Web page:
May 18, 2015 11:19 AM
Rep. Mike Johnson

BATON ROUGE, La. (AP) — Many lawmakers don't want to talk about it. Others wish it would simply disappear.

Nonetheless, on Tuesday, the House civil law committee is scheduled to debate the religious objections bill backed by Gov. Bobby Jindal that thrust Louisiana into a national debate over religious freedom and the rights of same-sex couples.

The proposed law would prohibit the state from denying individuals, businesses and non-profits any licenses, benefits, jobs or tax deductions because of action taken "in accordance with a religious belief or moral conviction" about marriage.

Sponsored by Rep. Mike Johnson, R-Bossier City, the measure stirred controversy before the legislative session even began. Supporters say it would protect the religious views of those who believe marriage should be between a man and woman, while critics have said it will sanction discrimination against same-sex couples.

Backlash to similar efforts in Indiana and Arkansas prompted changes to those laws.

Jindal, who is courting Christian conservatives for a likely presidential campaign, made the bill a priority. Meanwhile, some businesses oppose the measure, including IBM, which has plans for an 800-worker facility in Baton Rouge.

Until recently, however, it was unclear if the bill would get a hearing. Many lawmakers — including Republican Senate President John Alario, who is opposed — have said they would rather focus on the state's $1.6 billion budget shortfall.

Aside from Johnson, Rep. Patrick Jefferson, D-Arcadia, was the only other committee member who responded to a request for comment on the upcoming hearing.

"All of us have the right to file whatever bill we want," Jefferson said. "I would just say that it could have happened at another time."

Same-sex couples are not allowed to marry under Louisiana's constitution, which defines marriage as between one man and one woman, and there are no specific legal protections from discrimination for gays and lesbians. But Johnson said one reason he proposed the law is because a U.S. Supreme Court case could soon strike down same-sex marriage bans across the country.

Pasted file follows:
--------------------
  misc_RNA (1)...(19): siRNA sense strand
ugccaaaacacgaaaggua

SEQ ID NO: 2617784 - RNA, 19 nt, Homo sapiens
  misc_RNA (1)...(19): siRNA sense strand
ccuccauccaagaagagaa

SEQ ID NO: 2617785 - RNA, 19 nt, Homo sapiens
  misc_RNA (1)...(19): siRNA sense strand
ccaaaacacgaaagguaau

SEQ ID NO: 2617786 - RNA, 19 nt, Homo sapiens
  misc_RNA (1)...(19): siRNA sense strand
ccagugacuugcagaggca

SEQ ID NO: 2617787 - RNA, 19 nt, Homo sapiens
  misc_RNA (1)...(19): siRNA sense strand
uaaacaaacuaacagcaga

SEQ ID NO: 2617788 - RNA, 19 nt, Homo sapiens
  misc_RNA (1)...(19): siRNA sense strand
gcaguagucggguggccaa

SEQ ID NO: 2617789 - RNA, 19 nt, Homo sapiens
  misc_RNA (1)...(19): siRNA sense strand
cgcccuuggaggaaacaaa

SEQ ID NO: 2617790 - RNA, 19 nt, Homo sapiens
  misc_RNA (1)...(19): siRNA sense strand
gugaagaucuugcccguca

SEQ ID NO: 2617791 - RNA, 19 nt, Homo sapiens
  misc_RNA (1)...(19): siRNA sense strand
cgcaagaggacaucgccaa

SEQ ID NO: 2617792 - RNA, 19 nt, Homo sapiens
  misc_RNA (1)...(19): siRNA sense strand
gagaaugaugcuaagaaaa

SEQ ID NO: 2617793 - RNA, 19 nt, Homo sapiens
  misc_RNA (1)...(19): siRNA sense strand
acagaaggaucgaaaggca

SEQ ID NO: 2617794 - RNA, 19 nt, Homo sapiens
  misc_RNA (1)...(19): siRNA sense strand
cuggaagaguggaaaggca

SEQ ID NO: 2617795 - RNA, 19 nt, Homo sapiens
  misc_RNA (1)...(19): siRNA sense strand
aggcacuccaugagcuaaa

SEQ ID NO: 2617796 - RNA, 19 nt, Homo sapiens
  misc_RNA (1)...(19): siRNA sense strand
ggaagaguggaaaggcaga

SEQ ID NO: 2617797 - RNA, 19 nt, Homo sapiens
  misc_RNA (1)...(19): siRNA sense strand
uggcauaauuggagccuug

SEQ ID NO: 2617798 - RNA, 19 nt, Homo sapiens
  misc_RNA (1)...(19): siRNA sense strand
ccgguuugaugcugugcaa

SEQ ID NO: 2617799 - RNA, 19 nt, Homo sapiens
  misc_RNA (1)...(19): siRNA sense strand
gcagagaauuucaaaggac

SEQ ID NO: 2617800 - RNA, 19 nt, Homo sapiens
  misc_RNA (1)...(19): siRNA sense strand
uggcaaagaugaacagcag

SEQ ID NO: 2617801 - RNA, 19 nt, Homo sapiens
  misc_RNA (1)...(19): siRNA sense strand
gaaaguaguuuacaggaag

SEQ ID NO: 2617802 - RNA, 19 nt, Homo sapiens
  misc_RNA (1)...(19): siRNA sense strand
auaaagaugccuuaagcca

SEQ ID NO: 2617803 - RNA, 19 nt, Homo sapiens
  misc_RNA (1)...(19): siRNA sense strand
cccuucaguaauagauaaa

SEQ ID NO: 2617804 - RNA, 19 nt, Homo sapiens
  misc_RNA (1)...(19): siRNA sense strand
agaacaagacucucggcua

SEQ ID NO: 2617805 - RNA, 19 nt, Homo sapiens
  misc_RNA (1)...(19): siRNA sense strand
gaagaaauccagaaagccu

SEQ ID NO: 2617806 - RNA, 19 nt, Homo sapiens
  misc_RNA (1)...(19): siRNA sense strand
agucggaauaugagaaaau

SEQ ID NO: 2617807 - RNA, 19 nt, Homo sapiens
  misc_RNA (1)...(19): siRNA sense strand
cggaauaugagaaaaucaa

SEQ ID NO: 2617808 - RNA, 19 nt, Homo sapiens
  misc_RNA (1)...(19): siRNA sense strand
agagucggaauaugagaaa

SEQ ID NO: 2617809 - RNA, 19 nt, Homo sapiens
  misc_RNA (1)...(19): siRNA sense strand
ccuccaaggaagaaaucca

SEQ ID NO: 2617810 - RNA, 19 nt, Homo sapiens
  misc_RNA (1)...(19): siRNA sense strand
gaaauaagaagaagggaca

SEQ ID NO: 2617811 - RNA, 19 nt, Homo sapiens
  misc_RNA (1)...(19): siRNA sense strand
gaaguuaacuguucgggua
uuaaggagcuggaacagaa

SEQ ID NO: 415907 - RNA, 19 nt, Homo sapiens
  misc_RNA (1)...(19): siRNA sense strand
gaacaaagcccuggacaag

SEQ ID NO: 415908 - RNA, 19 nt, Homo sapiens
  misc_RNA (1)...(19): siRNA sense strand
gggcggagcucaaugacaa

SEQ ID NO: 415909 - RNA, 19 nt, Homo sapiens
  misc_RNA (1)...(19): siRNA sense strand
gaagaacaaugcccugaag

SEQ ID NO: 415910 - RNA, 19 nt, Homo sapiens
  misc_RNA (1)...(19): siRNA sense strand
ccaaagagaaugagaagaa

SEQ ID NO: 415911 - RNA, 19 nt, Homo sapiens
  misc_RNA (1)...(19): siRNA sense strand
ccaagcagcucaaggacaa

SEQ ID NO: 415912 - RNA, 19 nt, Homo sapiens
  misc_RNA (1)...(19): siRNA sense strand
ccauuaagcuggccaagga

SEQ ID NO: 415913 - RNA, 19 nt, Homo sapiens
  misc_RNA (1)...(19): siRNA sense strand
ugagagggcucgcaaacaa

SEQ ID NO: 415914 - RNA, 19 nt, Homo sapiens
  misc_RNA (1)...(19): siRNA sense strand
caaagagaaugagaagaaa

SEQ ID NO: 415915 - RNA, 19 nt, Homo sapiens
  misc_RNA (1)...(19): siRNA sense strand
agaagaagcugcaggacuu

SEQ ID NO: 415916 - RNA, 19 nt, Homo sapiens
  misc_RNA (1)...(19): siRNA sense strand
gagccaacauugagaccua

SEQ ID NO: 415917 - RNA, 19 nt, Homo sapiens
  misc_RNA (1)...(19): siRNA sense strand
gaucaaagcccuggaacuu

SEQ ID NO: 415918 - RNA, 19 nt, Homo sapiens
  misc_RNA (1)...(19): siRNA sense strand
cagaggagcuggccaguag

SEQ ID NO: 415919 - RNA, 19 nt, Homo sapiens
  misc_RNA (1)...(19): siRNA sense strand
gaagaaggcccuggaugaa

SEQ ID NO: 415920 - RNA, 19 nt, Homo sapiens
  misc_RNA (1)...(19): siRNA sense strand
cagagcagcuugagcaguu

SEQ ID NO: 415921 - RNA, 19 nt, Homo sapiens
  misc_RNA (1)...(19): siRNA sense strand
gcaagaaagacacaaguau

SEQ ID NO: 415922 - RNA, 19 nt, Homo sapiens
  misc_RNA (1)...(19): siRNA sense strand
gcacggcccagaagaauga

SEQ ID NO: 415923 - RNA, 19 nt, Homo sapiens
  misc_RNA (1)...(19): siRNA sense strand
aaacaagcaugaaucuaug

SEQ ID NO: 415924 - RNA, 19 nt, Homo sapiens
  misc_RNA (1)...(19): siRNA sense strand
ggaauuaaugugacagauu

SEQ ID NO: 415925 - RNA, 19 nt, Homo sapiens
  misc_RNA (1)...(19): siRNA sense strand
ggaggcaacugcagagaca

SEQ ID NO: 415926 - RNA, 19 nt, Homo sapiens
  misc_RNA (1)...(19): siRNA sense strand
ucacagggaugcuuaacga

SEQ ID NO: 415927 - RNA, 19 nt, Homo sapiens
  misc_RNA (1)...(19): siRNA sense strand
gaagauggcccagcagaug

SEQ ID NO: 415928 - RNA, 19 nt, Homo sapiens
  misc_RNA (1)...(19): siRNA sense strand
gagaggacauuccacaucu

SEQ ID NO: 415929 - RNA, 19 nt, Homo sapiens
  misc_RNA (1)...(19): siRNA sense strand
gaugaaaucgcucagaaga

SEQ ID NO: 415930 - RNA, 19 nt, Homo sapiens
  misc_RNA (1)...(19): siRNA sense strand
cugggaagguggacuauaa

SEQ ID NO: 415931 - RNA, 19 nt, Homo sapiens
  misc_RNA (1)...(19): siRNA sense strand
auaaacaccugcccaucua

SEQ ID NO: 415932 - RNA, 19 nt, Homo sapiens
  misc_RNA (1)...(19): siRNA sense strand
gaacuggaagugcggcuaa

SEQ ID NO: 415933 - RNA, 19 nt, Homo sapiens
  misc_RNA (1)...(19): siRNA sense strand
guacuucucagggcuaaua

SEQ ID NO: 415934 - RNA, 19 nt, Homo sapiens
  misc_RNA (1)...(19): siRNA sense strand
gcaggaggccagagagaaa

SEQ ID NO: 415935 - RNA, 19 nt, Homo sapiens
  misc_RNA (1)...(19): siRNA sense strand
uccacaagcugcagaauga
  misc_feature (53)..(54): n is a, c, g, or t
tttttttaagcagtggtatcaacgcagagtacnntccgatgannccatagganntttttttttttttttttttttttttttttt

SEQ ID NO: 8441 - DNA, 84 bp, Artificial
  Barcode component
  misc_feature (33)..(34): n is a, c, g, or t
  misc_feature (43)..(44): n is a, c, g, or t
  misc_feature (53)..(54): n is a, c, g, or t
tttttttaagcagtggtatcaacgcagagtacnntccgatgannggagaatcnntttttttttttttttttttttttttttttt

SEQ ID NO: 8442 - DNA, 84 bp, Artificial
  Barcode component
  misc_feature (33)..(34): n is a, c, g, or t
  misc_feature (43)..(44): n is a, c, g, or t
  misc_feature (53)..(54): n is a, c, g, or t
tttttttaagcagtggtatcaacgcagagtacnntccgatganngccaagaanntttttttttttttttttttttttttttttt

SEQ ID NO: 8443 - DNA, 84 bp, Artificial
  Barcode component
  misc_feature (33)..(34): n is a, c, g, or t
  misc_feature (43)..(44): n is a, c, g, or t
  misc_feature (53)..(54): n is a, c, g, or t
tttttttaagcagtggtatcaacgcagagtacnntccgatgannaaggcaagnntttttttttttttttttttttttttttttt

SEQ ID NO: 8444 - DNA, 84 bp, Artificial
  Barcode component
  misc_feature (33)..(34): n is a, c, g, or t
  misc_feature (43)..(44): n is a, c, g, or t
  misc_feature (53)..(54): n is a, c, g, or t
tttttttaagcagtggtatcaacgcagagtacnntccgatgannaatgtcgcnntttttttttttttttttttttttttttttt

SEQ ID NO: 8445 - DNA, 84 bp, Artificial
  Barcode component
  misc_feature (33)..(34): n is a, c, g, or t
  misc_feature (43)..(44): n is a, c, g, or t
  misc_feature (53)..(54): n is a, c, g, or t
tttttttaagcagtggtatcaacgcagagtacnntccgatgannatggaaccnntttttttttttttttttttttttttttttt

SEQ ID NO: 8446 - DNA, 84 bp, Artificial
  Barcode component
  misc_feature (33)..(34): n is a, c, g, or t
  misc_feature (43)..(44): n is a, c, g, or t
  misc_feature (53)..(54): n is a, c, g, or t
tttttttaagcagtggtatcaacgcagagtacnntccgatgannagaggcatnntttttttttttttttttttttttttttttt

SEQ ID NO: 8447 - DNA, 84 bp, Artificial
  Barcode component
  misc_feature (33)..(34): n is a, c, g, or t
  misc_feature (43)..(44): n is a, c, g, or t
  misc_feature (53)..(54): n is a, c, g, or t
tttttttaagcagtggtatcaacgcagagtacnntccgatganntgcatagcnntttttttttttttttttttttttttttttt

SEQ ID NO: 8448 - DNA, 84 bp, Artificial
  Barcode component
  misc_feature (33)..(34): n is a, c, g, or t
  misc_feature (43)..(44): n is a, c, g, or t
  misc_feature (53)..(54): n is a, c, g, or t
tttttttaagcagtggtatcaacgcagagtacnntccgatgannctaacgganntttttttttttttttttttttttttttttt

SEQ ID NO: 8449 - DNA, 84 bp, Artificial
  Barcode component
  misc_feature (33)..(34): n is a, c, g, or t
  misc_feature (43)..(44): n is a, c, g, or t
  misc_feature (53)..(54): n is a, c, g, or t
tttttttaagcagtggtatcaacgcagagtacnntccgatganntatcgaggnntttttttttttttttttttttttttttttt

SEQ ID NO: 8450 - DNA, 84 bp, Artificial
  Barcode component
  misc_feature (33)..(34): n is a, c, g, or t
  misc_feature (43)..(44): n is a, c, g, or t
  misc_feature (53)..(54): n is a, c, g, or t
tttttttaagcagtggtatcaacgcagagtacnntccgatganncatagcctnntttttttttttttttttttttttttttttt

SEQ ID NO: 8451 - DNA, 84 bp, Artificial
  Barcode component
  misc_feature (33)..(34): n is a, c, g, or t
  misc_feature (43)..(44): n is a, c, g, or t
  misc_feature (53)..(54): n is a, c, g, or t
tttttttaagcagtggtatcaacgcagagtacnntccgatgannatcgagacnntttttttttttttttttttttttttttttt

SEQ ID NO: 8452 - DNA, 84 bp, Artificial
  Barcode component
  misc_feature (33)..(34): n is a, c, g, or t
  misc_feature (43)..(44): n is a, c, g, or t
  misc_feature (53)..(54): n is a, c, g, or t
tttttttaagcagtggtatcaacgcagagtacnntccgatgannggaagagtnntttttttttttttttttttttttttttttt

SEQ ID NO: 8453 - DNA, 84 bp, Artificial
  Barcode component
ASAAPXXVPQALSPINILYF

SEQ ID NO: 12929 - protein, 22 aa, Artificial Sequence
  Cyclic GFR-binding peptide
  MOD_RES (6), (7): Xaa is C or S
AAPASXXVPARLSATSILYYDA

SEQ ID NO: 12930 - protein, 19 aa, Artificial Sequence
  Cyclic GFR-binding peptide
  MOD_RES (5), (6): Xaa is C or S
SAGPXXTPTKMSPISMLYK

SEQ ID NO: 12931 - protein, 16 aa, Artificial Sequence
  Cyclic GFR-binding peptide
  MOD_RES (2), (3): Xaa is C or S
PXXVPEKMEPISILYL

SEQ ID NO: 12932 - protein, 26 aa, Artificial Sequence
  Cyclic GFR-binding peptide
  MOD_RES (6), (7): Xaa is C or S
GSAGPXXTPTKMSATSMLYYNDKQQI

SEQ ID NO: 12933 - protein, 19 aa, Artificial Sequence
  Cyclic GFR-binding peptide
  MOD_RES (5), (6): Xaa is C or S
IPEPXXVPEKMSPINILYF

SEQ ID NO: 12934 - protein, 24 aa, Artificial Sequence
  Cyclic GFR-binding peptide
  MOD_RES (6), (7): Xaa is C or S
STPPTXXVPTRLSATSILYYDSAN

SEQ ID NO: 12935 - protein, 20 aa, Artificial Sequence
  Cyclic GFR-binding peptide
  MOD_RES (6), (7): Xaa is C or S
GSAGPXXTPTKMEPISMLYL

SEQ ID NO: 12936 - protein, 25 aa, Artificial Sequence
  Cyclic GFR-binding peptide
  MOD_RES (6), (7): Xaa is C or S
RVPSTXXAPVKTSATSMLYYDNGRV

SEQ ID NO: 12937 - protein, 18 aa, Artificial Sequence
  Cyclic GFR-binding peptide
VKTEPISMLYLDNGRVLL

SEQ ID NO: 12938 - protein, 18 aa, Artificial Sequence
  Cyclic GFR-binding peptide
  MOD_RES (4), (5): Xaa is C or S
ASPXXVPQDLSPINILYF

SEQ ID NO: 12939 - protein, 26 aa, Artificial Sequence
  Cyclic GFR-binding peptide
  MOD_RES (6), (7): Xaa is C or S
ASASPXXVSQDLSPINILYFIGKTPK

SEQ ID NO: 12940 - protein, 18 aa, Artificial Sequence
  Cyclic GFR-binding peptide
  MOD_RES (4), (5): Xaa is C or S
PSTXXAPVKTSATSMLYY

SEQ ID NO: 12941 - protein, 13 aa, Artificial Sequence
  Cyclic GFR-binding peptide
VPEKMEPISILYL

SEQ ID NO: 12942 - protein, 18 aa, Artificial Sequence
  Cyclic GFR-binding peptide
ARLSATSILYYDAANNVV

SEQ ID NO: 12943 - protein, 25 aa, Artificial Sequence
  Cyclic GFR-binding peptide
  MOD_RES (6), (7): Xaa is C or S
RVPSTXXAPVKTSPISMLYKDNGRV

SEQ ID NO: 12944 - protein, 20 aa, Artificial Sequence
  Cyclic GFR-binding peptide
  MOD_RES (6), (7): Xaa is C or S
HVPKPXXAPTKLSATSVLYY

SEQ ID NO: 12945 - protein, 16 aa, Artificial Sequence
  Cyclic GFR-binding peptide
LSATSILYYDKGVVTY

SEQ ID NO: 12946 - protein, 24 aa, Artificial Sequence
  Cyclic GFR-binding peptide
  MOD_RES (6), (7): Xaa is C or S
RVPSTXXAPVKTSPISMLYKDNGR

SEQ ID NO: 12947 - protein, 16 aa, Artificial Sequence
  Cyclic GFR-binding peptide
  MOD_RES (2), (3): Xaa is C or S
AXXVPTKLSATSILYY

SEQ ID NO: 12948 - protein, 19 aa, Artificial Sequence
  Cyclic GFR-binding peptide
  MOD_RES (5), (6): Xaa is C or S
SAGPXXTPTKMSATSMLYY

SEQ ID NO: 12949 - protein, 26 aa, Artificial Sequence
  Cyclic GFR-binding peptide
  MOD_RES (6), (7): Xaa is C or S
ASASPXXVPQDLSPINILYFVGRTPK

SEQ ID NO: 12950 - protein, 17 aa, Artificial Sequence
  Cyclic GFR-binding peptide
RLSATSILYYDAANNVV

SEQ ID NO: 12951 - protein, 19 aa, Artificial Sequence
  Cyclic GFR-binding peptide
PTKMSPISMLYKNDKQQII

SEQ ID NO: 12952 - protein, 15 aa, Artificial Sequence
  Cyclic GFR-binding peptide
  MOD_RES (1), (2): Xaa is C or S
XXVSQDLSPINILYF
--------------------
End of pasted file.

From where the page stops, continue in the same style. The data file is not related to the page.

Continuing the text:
What his bill will — and won't — do is subject to intense debate.

Johnson said the bill will shield religious objectors should same-sex marriage become legal.

"You can't get the death penalty ... for your businesses, your trade, your profession, if you don't go along with some new idea about marriage," he said of the bill.

Attempting to tamp down the uproar, Johnson plans to make changes that would prohibit discrimination between "private persons."

But that hasn't lessened criticism.

If the high court strikes down marriage bans, Johnson's bill would allow landlords to deny rental applications, businesses to fire employees, and state workers to refuse to assist same sex-couples, said Matthew Patterson, with Equality Louisiana, a pro-LGBT group.

"We're still left with a bill that does not give the state any ability to prevent or remedy an act of discrimination," he said.

Jefferson said he's spoken with fellow lawmakers who think the bill casts the state in a negative light and will be bad for business, especially in tourism-rich New Orleans.

"I'm concerned about the imprint or impression of discrimination in any form," he said.

Despite the criticism and the session's end in four weeks, Jindal remains optimistic about the measure's chances.

"We've had a lot of good conversations with legislators, pastors and community groups that support this bill," Jindal spokesman Mike Reed said in a statement. "There's plenty of time for the bill to move through the process."

But with the state's budget problems and lawmakers already faced with other tough votes, Jefferson had a different take: "The timing couldn't have been more challenging."